desert

Not all State of the Union speeches are created equal. Fifty-seven years ago, in his first SOTU address, a young and largely untested President John F. Kennedy implored the United States’ mortal enemy, the Soviet Union, to join Americans in their quest to send probes to Mars and Venus — missions that might “someday unlock the deepest secrets of the universe”.

While the Soviets declined the invitation and the Cold War carried on, previously unimagined secrets of the universe were indeed unlocked, during Kennedy’s tenure and after. As a generation, we now occupy a completely different world of knowledge to JFK, and our parents and grandparents.

In a time of such great upheaval, when the current US president is focused almost entirely on the individual, it’s quite something to be prompted to consider our own consciousness, and the consciousness of our fellow humans, as “the universe reflecting on itself”. But sitting in the cinder-block community room at Albertus Magnus College — a short way up the road from Yale but metaphorically occupying another solar system altogether — surrounded by Dominican nuns, professors and graduate students, I was prompted to do just that.

Speaking to this captivated audience last week, Dr Mary Evelyn Tucker argued that the foundational ideals of the United States — life, liberty and the pursuit of happiness — are grounded in an individualism that is totally inadequate for our current predicament.

[Yale Diary: the role of historians in Trump’s America]

Our place, our planet, is in grave peril, and not just because Trump is threatening us, once again, with nuclear annihilation. We are in the midst of a sixth extinction. The last one happened 65 million years ago, and was caused by an asteroid. This time, it’s caused by us. We can, as Tucker outlined, stem the tide of that destruction, but we can’t reverse it.

Tucker and her husband, John Grim, are pioneers in the field of religion and ecology. Tucker and Grim founded the Forum on Religion and Ecology at Yale. The forum is based on the premise that religions need to be in dialogue with other disciplines like science, economics, education, and public policy, in seeking comprehensive solutions to both global and local environmental problems.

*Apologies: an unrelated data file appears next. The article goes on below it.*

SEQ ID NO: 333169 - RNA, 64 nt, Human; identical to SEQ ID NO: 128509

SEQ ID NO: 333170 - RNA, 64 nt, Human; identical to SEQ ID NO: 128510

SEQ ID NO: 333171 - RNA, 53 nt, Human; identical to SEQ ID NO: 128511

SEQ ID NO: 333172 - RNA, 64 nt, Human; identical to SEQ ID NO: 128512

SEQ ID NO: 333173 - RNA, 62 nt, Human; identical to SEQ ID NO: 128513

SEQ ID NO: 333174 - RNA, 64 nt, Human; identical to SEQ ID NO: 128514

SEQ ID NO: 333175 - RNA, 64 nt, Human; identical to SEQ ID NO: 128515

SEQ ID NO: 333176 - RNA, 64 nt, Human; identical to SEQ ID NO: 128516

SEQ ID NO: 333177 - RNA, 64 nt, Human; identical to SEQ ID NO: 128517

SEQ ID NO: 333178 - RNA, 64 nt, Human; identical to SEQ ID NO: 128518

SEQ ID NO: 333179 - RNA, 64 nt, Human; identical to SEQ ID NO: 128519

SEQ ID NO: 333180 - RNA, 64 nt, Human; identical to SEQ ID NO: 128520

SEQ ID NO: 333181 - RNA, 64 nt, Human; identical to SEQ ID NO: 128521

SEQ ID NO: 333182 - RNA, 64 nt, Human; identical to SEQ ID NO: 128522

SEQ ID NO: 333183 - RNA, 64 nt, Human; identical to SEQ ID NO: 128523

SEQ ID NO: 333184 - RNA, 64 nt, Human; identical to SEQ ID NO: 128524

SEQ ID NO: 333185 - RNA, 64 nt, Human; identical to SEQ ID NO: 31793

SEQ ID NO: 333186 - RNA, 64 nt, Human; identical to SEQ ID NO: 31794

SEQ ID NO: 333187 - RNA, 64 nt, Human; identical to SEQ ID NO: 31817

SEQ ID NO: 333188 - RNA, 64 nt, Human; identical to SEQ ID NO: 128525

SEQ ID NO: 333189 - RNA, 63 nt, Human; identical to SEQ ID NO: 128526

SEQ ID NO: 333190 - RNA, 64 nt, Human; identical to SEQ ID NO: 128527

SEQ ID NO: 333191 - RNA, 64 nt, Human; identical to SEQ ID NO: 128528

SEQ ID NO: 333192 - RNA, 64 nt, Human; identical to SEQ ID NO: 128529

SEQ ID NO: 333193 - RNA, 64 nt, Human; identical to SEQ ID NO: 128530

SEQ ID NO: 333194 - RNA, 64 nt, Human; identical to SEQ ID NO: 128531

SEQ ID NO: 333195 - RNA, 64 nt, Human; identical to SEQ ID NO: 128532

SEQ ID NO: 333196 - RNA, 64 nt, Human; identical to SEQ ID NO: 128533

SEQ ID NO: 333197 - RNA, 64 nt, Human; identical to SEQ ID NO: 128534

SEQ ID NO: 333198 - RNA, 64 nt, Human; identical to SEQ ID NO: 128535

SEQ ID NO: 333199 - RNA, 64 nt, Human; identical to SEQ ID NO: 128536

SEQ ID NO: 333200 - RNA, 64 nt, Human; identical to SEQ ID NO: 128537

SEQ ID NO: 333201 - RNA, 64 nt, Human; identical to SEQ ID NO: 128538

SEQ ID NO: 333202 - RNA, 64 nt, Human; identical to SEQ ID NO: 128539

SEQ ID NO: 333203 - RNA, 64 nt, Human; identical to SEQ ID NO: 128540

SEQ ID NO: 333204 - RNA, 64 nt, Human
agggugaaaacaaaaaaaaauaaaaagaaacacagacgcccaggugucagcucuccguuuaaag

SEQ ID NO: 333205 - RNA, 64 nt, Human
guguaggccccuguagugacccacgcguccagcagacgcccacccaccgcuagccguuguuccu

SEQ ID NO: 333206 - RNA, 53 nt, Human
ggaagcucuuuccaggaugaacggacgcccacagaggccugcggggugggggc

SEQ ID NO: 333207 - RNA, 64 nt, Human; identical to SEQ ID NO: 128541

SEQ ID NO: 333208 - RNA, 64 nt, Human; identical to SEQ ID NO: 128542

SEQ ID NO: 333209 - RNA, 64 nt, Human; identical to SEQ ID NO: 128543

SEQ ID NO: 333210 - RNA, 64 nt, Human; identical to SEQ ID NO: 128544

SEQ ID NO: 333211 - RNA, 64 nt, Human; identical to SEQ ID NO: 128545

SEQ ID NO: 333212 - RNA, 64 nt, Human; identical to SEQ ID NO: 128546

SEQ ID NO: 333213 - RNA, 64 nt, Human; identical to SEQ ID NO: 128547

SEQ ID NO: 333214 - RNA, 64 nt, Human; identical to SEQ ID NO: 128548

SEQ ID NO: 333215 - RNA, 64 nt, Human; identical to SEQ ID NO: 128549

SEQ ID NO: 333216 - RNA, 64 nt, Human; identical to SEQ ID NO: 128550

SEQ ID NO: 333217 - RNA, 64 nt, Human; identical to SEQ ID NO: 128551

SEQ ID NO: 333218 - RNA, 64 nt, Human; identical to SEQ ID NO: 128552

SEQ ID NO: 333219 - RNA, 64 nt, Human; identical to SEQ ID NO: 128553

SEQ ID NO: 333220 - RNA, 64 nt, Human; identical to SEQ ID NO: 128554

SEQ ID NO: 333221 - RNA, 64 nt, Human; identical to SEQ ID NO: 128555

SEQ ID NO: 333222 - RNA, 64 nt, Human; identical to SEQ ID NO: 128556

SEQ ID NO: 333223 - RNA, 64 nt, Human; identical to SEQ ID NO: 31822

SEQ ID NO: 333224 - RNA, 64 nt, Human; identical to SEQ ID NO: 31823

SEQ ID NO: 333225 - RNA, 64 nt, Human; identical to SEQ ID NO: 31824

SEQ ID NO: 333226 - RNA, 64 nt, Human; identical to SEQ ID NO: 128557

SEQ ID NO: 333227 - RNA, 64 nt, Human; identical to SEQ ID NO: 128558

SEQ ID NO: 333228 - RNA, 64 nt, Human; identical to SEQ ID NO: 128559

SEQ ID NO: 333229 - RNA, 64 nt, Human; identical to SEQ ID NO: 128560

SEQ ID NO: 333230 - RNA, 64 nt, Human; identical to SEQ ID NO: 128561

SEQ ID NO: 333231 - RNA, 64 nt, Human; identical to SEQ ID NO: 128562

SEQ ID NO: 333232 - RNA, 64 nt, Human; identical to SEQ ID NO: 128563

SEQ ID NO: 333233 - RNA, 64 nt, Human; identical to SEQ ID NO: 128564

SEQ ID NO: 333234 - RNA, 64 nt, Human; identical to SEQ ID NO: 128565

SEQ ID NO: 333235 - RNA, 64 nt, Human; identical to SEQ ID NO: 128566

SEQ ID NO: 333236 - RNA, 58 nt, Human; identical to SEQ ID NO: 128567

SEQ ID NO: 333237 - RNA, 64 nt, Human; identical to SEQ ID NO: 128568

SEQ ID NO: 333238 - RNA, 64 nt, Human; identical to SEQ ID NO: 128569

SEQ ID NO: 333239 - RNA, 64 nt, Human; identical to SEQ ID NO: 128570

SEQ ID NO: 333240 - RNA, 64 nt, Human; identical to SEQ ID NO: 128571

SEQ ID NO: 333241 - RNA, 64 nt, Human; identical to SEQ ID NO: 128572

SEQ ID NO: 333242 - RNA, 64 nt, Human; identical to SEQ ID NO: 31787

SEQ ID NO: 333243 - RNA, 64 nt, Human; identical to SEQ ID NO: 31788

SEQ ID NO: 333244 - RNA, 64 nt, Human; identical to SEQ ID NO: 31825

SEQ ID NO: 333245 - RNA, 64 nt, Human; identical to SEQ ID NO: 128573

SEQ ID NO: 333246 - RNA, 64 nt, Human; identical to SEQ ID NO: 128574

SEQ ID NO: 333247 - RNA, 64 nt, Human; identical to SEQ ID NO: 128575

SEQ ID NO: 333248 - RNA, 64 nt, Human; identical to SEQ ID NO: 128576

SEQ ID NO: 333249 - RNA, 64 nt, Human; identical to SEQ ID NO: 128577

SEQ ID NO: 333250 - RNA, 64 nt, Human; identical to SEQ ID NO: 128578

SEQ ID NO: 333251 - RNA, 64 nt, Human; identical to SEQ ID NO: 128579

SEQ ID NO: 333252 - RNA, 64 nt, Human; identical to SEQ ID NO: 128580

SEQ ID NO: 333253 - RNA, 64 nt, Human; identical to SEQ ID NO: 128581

Those environmental problems and the burning question of how to address them were what led Tucker, Grim, and their colleague, evolutionary philosopher Brian Swimme, to create Journey of the Universe: a book, an Emmy-award winning film, a conversation series of 20 interviews with scientists and environmentalists, and online classes.

Journey of the Universe sees human beings as mythmakers and seekers of meaning. Our existing stories – religious and otherwise – have proven an inadequate framework for both the explosion in scientific knowledge that has occurred in our lifetimes, and for addressing impending, planetary-scale catastrophe. We need a new story, one based in the marriage of science and the humanities; one that can help us consider our place in the universe. Journey is an awe-inspiring attempt to do just that: to find meaning and belonging in the epic of evolution.

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It’s all too easy, faced with the sheer magnitude of the problems at hand, and especially when the leader of the so-called free world regards our planet as one giant, beautiful coal mine, to fall into despair. Tucker and her work, however, remind us that if you scratch just a little below the surface, there is a “generosity of spirit” in which we can find cause for hope. A reminder, if you will, that many are in the midst of deeply considering not the state of the union, but the state of the planet.

Journey suggests that we can, indeed we must, revise the role of humans on this planet and find our place in a new story. Though it’s not reported on, and it’s incredibly difficult to gauge, Tucker insists that we are in the midst of such a revision. Scientific understanding of our place in the universe, indeed the fact that we exist at all, is proof, as Tucker put it, that “we belong here. We’ve always belonged here.” Perhaps knowing that, and living it, could show us a new way forward.

To return to Kennedy’s 1961 State of the Union: “… nature makes natural allies of us all.”

Peter Fray

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